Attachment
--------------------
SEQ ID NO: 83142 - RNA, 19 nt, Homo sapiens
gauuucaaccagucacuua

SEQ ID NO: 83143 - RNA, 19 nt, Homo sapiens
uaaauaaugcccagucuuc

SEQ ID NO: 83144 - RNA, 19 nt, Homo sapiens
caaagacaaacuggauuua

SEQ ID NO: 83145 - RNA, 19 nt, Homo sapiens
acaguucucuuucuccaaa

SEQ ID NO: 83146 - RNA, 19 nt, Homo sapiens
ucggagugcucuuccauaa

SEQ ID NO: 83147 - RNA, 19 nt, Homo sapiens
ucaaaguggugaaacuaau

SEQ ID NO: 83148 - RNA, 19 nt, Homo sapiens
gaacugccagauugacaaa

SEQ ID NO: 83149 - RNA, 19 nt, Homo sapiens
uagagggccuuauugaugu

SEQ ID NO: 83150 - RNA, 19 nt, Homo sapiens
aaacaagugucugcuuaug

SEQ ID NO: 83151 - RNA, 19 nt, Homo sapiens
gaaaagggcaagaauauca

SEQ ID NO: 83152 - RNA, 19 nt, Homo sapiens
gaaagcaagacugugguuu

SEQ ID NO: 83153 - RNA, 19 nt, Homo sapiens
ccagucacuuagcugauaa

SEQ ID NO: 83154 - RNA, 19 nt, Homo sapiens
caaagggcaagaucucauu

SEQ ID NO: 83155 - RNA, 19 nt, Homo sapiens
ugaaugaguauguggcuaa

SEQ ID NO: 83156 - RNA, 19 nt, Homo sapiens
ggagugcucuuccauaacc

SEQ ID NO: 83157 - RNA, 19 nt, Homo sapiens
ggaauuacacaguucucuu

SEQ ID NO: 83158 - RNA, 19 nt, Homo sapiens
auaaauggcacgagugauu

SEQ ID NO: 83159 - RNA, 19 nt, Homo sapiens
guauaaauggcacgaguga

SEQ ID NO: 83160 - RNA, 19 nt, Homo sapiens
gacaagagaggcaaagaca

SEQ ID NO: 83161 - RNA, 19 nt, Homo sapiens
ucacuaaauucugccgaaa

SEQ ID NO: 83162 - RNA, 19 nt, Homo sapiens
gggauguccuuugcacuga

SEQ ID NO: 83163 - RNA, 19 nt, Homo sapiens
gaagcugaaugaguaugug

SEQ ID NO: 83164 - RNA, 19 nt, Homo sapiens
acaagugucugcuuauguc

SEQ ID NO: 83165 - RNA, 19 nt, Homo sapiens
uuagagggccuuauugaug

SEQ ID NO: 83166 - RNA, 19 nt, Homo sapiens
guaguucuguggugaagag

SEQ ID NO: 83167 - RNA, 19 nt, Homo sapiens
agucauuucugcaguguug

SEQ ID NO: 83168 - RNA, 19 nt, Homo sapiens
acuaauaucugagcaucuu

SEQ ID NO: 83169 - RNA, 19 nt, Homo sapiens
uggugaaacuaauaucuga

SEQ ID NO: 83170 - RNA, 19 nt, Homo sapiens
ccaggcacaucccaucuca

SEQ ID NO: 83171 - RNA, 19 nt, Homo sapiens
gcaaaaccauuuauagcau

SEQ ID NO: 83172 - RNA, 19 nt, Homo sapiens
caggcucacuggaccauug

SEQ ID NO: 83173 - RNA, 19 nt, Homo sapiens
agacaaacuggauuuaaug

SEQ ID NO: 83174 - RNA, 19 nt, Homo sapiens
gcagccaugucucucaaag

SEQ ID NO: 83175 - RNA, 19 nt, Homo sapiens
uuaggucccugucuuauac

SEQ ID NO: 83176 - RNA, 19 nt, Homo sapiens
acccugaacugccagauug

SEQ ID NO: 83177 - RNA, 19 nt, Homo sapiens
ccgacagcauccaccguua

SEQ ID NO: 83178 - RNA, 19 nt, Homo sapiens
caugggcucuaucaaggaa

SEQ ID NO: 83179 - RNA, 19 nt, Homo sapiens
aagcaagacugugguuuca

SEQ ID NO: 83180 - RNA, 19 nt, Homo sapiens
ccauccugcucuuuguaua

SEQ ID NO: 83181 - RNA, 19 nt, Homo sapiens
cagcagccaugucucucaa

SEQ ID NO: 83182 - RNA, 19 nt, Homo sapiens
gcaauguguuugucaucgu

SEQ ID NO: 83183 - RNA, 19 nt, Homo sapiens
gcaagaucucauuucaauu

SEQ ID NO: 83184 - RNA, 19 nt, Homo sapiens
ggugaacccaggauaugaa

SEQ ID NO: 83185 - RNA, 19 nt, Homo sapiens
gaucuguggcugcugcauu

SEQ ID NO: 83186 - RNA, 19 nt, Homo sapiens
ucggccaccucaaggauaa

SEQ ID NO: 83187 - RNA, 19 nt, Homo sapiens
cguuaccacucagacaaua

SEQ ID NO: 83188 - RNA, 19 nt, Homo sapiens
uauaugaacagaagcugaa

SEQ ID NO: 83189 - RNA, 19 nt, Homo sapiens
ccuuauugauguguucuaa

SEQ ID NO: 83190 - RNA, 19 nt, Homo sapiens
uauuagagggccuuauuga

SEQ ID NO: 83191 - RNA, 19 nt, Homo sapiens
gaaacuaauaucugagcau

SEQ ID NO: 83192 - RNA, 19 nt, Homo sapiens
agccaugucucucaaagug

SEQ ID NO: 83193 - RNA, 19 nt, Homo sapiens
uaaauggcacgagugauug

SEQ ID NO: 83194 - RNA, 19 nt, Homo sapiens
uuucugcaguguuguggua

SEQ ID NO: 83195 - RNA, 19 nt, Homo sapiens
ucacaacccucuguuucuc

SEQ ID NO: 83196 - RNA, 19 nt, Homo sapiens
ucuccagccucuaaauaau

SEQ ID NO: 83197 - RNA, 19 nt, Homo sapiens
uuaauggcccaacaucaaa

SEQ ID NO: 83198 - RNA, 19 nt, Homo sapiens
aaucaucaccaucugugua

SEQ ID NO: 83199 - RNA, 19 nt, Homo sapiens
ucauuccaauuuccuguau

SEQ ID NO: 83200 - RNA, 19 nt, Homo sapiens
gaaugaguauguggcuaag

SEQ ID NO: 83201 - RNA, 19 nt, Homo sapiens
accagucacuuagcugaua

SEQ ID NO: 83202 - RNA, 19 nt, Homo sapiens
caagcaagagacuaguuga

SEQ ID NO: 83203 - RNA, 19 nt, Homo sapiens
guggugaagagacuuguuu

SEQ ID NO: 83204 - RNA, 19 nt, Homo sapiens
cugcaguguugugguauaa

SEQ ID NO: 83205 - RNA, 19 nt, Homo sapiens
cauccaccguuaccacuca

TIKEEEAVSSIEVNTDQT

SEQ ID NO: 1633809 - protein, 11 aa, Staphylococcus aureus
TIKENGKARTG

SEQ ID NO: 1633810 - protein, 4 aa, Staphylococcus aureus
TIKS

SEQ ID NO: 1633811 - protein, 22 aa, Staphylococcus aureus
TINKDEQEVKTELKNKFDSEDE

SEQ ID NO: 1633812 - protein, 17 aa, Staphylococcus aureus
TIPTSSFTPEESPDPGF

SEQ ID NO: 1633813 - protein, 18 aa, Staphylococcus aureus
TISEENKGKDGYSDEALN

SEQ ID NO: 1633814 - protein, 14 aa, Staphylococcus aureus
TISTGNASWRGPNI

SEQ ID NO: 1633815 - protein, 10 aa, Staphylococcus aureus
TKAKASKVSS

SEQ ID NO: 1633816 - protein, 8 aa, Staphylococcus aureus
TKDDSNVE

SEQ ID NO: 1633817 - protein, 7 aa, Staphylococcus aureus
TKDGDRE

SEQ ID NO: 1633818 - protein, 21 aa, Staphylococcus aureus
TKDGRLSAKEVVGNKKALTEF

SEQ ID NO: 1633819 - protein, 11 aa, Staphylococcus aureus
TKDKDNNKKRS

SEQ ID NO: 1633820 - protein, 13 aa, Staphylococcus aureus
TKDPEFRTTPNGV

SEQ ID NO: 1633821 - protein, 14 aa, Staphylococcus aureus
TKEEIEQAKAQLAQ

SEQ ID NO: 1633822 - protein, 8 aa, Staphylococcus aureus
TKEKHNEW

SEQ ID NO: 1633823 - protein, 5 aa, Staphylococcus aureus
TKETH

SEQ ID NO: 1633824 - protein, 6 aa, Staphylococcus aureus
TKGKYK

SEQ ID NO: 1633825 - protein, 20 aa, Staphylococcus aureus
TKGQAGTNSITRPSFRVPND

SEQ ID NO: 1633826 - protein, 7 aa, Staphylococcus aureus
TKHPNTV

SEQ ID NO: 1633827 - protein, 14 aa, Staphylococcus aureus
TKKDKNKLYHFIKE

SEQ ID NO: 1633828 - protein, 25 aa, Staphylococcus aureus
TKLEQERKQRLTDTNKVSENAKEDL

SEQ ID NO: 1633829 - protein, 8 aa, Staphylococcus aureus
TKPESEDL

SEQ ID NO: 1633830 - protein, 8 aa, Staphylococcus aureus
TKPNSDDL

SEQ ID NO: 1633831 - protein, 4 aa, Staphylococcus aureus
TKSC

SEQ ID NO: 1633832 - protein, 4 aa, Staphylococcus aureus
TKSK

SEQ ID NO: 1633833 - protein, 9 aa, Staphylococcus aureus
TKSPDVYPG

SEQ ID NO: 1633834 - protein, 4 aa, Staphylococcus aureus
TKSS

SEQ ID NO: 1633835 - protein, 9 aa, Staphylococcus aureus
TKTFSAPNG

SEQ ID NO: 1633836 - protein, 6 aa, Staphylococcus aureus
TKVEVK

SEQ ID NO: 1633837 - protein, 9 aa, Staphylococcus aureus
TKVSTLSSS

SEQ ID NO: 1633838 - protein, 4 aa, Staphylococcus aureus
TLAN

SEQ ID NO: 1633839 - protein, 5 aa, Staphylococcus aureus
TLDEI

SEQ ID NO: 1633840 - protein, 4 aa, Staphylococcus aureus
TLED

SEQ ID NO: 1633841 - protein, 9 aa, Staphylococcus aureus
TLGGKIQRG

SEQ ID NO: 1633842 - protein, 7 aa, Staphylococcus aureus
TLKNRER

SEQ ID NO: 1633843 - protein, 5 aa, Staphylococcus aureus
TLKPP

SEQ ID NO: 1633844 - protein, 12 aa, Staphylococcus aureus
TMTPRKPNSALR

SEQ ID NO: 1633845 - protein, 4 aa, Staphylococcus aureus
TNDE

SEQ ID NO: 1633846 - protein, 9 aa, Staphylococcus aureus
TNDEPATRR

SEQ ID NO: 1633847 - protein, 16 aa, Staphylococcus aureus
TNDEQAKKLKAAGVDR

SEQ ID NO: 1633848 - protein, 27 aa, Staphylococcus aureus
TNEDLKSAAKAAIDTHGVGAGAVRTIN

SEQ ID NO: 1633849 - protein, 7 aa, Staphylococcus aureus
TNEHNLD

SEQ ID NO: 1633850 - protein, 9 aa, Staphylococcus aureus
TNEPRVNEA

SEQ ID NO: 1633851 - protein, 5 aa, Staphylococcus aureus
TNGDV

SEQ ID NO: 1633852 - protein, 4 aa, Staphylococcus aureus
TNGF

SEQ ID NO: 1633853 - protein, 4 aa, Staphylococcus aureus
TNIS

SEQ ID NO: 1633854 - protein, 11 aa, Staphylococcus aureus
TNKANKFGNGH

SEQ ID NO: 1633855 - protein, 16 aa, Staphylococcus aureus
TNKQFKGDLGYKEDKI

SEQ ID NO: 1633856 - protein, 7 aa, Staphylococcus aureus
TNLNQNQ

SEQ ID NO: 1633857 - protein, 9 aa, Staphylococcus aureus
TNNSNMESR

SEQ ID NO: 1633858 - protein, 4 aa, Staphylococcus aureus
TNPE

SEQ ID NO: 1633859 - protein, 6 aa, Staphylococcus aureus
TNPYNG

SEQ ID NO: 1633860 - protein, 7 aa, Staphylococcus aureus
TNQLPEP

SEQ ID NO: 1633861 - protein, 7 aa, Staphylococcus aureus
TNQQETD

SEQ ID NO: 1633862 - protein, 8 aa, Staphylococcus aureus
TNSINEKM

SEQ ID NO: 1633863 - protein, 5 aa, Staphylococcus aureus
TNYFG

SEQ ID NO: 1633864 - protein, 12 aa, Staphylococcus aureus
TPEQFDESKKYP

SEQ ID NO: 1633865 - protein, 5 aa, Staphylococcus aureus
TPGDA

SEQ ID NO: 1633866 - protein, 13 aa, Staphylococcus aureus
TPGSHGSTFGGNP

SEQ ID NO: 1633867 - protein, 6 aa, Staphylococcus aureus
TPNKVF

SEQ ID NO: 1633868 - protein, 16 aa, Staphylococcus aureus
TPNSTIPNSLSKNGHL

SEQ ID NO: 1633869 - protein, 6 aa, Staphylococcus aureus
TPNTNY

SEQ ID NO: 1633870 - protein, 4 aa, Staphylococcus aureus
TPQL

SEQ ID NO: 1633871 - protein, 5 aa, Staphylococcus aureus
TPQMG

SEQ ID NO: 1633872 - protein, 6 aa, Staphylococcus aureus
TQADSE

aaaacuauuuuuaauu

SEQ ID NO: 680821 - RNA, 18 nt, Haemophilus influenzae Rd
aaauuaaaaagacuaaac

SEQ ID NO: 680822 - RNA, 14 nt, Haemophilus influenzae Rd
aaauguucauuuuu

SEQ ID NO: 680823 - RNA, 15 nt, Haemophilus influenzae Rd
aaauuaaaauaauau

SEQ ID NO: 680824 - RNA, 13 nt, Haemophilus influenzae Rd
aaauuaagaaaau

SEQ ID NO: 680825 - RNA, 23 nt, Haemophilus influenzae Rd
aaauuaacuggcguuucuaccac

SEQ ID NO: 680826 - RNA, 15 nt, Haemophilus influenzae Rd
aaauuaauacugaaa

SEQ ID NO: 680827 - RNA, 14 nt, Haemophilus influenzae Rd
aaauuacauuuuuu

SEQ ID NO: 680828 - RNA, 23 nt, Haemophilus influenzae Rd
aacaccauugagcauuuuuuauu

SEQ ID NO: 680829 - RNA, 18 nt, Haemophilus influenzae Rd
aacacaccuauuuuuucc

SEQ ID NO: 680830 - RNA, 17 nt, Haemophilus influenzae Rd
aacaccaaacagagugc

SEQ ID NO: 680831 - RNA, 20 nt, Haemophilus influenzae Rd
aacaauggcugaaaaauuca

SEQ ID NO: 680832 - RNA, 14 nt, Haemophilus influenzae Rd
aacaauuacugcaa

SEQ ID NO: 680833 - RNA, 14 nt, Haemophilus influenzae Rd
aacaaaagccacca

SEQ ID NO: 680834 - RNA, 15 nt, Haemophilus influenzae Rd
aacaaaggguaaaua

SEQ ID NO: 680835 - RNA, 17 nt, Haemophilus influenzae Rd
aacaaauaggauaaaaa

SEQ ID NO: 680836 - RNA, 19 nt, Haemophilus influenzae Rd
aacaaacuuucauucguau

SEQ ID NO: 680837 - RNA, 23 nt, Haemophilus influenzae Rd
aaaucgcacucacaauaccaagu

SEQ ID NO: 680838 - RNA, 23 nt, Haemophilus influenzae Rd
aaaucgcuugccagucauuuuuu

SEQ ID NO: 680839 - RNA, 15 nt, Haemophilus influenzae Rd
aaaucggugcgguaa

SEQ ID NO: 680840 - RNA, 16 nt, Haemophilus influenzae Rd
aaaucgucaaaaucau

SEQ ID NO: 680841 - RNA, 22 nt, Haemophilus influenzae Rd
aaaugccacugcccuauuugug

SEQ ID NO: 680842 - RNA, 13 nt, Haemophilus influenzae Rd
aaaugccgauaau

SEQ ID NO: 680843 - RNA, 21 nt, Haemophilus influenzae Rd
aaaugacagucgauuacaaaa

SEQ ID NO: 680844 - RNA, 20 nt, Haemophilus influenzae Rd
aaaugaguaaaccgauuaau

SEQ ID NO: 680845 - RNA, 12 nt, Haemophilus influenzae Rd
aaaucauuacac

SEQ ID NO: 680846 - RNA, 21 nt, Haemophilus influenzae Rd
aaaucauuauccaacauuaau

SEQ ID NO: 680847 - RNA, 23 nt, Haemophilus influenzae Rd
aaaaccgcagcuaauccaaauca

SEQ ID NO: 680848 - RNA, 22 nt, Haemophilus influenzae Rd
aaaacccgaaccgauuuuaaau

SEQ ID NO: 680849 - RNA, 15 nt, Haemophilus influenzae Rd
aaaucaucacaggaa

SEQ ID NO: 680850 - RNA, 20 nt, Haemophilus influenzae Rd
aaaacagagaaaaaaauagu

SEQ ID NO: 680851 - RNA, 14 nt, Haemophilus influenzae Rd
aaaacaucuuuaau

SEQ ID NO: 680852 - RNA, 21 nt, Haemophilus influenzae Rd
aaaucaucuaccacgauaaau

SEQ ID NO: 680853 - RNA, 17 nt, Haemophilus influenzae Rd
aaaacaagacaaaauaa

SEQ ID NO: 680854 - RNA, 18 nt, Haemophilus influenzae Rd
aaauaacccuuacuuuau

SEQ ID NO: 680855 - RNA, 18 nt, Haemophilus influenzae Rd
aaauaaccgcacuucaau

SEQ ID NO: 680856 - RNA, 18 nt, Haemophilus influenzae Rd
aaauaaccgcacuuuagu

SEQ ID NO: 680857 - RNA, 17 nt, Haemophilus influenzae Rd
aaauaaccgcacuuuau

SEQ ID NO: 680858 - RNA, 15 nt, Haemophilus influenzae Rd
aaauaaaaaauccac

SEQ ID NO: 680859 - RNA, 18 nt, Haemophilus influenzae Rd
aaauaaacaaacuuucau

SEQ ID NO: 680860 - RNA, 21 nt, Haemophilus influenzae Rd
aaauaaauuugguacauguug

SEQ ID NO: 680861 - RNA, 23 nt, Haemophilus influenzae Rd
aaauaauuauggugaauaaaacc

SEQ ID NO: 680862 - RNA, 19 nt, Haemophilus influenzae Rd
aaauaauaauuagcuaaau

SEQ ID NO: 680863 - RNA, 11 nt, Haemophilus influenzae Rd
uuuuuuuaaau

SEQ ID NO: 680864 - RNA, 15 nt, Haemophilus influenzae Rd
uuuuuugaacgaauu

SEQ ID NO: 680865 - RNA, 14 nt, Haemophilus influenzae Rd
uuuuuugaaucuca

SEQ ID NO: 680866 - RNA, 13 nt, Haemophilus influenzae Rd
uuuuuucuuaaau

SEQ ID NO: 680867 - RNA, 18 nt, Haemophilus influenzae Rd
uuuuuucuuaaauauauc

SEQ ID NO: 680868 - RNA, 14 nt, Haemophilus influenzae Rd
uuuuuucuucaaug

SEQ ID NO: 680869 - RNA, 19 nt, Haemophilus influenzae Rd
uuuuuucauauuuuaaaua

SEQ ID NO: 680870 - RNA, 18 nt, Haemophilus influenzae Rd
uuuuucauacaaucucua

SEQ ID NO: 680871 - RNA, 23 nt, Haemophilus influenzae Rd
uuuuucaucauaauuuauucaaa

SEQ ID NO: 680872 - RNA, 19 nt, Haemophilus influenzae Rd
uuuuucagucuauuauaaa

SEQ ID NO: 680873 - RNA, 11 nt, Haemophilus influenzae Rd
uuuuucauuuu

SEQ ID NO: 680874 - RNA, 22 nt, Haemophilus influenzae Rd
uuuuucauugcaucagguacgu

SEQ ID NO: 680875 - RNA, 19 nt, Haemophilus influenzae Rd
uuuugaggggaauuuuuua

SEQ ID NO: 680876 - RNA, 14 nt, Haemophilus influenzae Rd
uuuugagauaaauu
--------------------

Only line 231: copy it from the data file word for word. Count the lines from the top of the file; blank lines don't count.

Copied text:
TNPYNG